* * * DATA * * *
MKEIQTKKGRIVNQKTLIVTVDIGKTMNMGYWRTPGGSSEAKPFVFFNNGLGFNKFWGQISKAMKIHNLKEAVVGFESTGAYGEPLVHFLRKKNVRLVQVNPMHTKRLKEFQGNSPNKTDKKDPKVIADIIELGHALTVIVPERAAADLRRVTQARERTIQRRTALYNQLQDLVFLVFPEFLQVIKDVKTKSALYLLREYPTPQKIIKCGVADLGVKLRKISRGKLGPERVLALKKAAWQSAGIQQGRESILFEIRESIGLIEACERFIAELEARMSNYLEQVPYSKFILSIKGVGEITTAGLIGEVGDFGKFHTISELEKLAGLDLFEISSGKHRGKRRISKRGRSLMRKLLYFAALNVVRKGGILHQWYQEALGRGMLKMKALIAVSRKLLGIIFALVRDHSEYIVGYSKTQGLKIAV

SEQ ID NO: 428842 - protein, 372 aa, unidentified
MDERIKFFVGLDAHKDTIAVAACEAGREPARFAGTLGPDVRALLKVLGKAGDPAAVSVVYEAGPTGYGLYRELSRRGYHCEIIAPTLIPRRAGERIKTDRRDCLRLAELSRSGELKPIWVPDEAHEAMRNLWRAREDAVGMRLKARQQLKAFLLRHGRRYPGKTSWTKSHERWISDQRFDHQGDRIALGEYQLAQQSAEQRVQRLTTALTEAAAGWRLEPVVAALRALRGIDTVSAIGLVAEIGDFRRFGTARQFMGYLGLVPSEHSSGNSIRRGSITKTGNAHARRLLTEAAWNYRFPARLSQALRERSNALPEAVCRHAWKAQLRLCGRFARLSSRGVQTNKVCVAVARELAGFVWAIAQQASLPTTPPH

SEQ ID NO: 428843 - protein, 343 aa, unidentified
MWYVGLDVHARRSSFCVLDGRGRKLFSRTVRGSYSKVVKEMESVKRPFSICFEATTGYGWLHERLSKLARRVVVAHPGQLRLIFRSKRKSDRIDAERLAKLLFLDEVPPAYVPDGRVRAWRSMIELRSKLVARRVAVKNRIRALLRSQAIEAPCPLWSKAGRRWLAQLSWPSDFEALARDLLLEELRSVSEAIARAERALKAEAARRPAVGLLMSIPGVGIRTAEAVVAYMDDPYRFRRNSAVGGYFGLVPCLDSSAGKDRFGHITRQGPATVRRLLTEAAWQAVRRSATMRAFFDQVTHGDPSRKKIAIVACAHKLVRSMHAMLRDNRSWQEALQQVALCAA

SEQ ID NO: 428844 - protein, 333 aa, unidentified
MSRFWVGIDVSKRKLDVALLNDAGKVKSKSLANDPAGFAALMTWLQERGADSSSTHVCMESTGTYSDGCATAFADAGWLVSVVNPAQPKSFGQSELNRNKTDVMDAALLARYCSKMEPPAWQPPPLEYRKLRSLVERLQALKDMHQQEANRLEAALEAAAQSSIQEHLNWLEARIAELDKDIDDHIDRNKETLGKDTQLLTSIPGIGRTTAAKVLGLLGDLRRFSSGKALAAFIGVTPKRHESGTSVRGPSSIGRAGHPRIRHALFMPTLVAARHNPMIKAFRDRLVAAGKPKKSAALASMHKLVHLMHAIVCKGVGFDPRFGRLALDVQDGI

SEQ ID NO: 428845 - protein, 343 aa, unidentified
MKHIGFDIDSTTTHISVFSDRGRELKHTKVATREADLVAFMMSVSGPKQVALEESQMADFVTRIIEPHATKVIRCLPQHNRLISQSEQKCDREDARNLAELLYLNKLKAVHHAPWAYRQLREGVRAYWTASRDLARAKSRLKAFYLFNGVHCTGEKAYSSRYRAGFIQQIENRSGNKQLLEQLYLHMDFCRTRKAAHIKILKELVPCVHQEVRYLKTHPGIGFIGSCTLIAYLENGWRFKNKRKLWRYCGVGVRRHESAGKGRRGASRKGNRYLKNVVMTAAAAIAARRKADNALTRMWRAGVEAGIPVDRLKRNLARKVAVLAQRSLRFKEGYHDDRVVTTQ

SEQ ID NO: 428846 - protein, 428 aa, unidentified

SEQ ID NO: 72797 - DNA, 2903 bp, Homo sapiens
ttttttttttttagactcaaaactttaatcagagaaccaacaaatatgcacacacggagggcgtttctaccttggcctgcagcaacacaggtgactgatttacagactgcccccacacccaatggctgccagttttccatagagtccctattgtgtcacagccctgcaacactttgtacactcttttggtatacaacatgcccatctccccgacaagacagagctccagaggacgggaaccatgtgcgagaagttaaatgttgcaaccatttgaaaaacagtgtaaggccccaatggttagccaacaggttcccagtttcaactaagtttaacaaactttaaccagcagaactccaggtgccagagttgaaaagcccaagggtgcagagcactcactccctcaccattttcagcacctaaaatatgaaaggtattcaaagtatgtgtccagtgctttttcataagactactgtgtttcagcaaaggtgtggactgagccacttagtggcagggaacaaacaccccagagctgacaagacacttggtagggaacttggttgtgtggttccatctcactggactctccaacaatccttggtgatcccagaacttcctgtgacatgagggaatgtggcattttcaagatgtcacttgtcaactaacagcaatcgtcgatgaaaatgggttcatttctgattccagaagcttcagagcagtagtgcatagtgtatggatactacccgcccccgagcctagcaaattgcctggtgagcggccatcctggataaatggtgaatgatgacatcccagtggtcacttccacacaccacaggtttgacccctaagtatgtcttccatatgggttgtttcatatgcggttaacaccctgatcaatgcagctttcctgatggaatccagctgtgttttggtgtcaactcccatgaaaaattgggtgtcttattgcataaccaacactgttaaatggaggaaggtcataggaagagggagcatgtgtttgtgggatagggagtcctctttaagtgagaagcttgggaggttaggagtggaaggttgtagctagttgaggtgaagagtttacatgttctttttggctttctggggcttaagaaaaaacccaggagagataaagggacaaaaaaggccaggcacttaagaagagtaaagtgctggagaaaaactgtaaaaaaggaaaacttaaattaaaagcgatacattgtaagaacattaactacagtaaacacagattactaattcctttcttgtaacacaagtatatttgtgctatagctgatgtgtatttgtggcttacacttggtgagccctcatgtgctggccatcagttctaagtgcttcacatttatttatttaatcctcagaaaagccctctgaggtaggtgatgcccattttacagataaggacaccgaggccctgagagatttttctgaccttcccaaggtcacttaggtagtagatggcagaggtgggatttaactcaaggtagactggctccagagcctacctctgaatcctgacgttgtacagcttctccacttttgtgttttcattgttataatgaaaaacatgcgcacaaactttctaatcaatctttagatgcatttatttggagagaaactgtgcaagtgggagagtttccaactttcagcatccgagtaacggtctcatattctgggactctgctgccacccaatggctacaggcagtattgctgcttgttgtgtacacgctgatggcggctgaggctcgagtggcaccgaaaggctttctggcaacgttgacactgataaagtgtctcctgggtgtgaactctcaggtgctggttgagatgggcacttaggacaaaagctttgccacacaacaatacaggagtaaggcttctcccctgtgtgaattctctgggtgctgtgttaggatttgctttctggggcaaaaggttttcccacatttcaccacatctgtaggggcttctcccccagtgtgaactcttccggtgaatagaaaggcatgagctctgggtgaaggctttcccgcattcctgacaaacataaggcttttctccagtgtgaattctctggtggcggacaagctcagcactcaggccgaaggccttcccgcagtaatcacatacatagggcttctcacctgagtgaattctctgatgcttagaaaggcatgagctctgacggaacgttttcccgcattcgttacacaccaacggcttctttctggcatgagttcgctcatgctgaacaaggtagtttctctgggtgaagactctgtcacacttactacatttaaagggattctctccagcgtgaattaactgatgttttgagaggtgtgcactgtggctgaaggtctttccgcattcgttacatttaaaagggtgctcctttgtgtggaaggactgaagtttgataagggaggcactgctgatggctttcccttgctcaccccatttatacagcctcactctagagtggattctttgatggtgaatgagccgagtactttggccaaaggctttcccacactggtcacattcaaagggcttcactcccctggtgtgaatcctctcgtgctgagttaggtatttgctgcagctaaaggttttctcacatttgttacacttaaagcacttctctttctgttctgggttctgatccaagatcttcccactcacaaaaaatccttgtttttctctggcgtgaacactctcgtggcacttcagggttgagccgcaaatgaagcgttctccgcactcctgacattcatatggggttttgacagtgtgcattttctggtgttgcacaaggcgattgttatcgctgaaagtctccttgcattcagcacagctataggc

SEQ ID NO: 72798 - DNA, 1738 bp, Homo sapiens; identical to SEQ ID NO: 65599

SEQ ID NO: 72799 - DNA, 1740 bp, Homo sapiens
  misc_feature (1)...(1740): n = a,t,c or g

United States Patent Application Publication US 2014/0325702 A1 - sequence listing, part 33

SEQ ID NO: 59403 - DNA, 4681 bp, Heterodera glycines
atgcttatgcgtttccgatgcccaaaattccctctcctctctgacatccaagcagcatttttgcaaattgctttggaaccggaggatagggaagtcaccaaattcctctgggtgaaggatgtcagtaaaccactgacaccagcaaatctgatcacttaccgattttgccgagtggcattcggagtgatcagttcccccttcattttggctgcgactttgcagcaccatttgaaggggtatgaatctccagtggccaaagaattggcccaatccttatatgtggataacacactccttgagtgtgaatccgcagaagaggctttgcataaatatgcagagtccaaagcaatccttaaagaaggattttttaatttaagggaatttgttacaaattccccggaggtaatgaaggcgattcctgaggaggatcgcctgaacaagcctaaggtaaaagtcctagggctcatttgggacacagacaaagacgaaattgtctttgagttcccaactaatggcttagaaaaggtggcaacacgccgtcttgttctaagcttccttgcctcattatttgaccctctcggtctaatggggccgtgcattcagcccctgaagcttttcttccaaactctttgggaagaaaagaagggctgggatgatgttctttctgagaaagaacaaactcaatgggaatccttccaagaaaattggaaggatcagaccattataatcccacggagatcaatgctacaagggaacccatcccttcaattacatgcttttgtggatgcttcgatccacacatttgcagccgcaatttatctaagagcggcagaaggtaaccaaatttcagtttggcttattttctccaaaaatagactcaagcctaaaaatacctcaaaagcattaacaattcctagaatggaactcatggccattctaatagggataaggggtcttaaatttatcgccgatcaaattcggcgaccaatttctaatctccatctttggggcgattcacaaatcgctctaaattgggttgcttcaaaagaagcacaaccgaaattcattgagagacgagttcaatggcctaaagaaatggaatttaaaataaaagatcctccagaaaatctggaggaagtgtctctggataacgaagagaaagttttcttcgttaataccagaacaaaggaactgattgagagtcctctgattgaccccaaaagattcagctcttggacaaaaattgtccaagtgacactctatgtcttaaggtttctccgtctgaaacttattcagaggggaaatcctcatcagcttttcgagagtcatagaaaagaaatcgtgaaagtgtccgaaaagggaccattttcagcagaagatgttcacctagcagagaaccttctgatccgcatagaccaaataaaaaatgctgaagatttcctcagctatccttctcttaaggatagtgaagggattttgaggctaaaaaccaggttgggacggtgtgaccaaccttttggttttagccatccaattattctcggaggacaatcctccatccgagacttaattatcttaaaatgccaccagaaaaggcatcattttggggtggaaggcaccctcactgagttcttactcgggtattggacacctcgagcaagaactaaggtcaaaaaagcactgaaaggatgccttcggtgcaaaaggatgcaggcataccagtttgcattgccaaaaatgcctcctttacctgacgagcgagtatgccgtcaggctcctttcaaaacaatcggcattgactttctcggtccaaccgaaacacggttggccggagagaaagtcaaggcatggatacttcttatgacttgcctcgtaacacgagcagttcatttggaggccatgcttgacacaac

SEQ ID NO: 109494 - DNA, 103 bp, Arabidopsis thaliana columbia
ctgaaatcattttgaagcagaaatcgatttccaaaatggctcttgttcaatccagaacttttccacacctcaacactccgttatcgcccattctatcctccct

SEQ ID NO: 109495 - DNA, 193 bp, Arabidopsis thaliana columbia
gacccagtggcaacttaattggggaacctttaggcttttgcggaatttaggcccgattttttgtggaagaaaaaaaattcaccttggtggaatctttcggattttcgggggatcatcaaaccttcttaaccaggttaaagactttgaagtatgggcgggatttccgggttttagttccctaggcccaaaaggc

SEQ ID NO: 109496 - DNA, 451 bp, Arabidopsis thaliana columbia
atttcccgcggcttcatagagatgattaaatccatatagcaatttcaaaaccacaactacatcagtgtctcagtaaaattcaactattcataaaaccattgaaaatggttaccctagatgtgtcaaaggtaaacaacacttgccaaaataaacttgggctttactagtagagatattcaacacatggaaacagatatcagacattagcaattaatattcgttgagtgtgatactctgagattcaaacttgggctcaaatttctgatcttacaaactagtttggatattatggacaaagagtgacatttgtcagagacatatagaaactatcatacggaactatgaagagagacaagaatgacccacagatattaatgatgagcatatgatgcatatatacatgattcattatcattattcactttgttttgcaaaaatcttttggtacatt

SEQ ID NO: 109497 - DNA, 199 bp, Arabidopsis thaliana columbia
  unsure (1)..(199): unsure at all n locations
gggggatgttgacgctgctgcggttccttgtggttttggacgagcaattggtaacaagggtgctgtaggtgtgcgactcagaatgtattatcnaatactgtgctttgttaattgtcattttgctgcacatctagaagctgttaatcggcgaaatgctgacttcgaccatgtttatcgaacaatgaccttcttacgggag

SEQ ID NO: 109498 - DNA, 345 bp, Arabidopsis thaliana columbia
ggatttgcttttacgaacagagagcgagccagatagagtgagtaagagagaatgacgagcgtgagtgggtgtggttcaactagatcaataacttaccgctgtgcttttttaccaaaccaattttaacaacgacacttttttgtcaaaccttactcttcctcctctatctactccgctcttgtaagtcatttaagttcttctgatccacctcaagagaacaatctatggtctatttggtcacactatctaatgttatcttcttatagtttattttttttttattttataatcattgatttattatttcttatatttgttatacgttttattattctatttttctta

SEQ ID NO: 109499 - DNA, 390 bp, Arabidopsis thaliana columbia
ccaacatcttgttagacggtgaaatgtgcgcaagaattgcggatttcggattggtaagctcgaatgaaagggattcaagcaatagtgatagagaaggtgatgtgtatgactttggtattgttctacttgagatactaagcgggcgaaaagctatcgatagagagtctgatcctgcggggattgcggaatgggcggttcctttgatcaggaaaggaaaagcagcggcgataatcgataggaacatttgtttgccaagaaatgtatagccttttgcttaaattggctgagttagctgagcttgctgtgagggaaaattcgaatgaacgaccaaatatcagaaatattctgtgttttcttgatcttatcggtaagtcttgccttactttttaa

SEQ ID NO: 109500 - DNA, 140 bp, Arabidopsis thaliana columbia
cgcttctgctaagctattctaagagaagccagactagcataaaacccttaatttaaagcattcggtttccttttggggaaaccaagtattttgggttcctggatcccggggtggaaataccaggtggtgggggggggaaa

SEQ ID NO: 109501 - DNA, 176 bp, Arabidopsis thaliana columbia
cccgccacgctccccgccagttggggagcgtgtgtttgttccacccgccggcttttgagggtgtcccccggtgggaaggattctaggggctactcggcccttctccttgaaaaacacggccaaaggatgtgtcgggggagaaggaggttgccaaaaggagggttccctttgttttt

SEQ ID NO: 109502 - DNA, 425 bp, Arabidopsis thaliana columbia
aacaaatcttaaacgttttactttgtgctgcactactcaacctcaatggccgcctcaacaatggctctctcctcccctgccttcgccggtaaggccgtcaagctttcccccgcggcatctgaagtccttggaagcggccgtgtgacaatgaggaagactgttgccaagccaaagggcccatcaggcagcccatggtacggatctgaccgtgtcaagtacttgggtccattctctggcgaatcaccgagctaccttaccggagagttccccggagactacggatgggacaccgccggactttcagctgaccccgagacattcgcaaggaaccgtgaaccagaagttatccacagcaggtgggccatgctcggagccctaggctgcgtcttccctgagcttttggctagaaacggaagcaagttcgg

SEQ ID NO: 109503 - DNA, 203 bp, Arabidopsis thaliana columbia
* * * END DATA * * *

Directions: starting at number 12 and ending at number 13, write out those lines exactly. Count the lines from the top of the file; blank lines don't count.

ttttttttttttagactcaaaactttaatcagagaaccaacaaatatgcacacacggagggcgtttctaccttggcctgcagcaacacaggtgactgatttacagactgcccccacacccaatggctgccagttttccatagagtccctattgtgtcacagccctgcaacactttgtacactcttttggtatacaacatgcccatctccccgacaagacagagctccagaggacgggaaccatgtgcgagaagttaaatgttgcaaccatttgaaaaacagtgtaaggccccaatggttagccaacaggttcccagtttcaactaagtttaacaaactttaaccagcagaactccaggtgccagagttgaaaagcccaagggtgcagagcactcactccctcaccattttcagcacctaaaatatgaaaggtattcaaagtatgtgtccagtgctttttcataagactactgtgtttcagcaaaggtgtggactgagccacttagtggcagggaacaaacaccccagagctgacaagacacttggtagggaacttggttgtgtggttccatctcactggactctccaacaatccttggtgatcccagaacttcctgtgacatgagggaatgtggcattttcaagatgtcacttgtcaactaacagcaatcgtcgatgaaaatgggttcatttctgattccagaagcttcagagcagtagtgcatagtgtatggatactacccgcccccgagcctagcaaattgcctggtgagcggccatcctggataaatggtgaatgatgacatcccagtggtcacttccacacaccacaggtttgacccctaagtatgtcttccatatgggttgtttcatatgcggttaacaccctgatcaatgcagctttcctgatggaatccagctgtgttttggtgtcaactcccatgaaaaattgggtgtcttattgcataaccaacactgttaaatggaggaaggtcataggaagagggagcatgtgtttgtgggatagggagtcctctttaagtgagaagcttgggaggttaggagtggaaggttgtagctagttgaggtgaagagtttacatgttctttttggctttctggggcttaagaaaaaacccaggagagataaagggacaaaaaaggccaggcacttaagaagagtaaagtgctggagaaaaactgtaaaaaaggaaaacttaaattaaaagcgatacattgtaagaacattaactacagtaaacacagattactaattcctttcttgtaacacaagtatatttgtgctatagctgatgtgtatttgtggcttacacttggtgagccctcatgtgctggccatcagttctaagtgcttcacatttatttatttaatcctcagaaaagccctctgaggtaggtgatgcccattttacagataaggacaccgaggccctgagagatttttctgaccttcccaaggtcacttaggtagtagatggcagaggtgggatttaactcaaggtagactggctccagagcctacctctgaatcctgacgttgtacagcttctccacttttgtgttttcattgttataatgaaaaacatgcgcacaaactttctaatcaatctttagatgcatttatttggagagaaactgtgcaagtgggagagtttccaactttcagcatccgagtaacggtctcatattctgggactctgctgccacccaatggctacaggcagtattgctgcttgttgtgtacacgctgatggcggctgaggctcgagtggcaccgaaaggctttctggcaacgttgacactgataaagtgtctcctgggtgtgaactctcaggtgctggttgagatgggcacttaggacaaaagctttgccacacaacaatacaggagtaaggcttctcccctgtgtgaattctctgggtgctgtgttaggatttgctttctggggcaaaaggttttcccacatttcaccacatctgtaggggcttctcccccagtgtgaactcttccggtgaatagaaaggcatgagctctgggtgaaggctttcccgcattcctgacaaacataaggcttttctccagtgtgaattctctggtggcggacaagctcagcactcaggccgaaggccttcccgcagtaatcacatacatagggcttctcacctgagtgaattctctgatgcttagaaaggcatgagctctgacggaacgttttcccgcattcgttacacaccaacggcttctttctggcatgagttcgctcatgctgaacaaggtagtttctctgggtgaagactctgtcacacttactacatttaaagggattctctccagcgtgaattaactgatgttttgagaggtgtgcactgtggctgaaggtctttccgcattcgttacatttaaaagggtgctcctttgtgtggaaggactgaagtttgataagggaggcactgctgatggctttcccttgctcaccccatttatacagcctcactctagagtggattctttgatggtgaatgagccgagtactttggccaaaggctttcccacactggtcacattcaaagggcttcactcccctggtgtgaatcctctcgtgctgagttaggtatttgctgcagctaaaggttttctcacatttgttacacttaaagcacttctctttctgttctgggttctgatccaagatcttcccactcacaaaaaatccttgtttttctctggcgtgaacactctcgtggcacttcagggttgagccgcaaatgaagcgttctccgcactcctgacattcatatggggttttgacagtgtgcattttctggtgttgcacaaggcgattgttatcgctgaaagtctccttgcattcagcacagctataggc

SEQ ID NO: 72798 - DNA, 1738 bp, Homo sapiens; identical to SEQ ID NO: 65599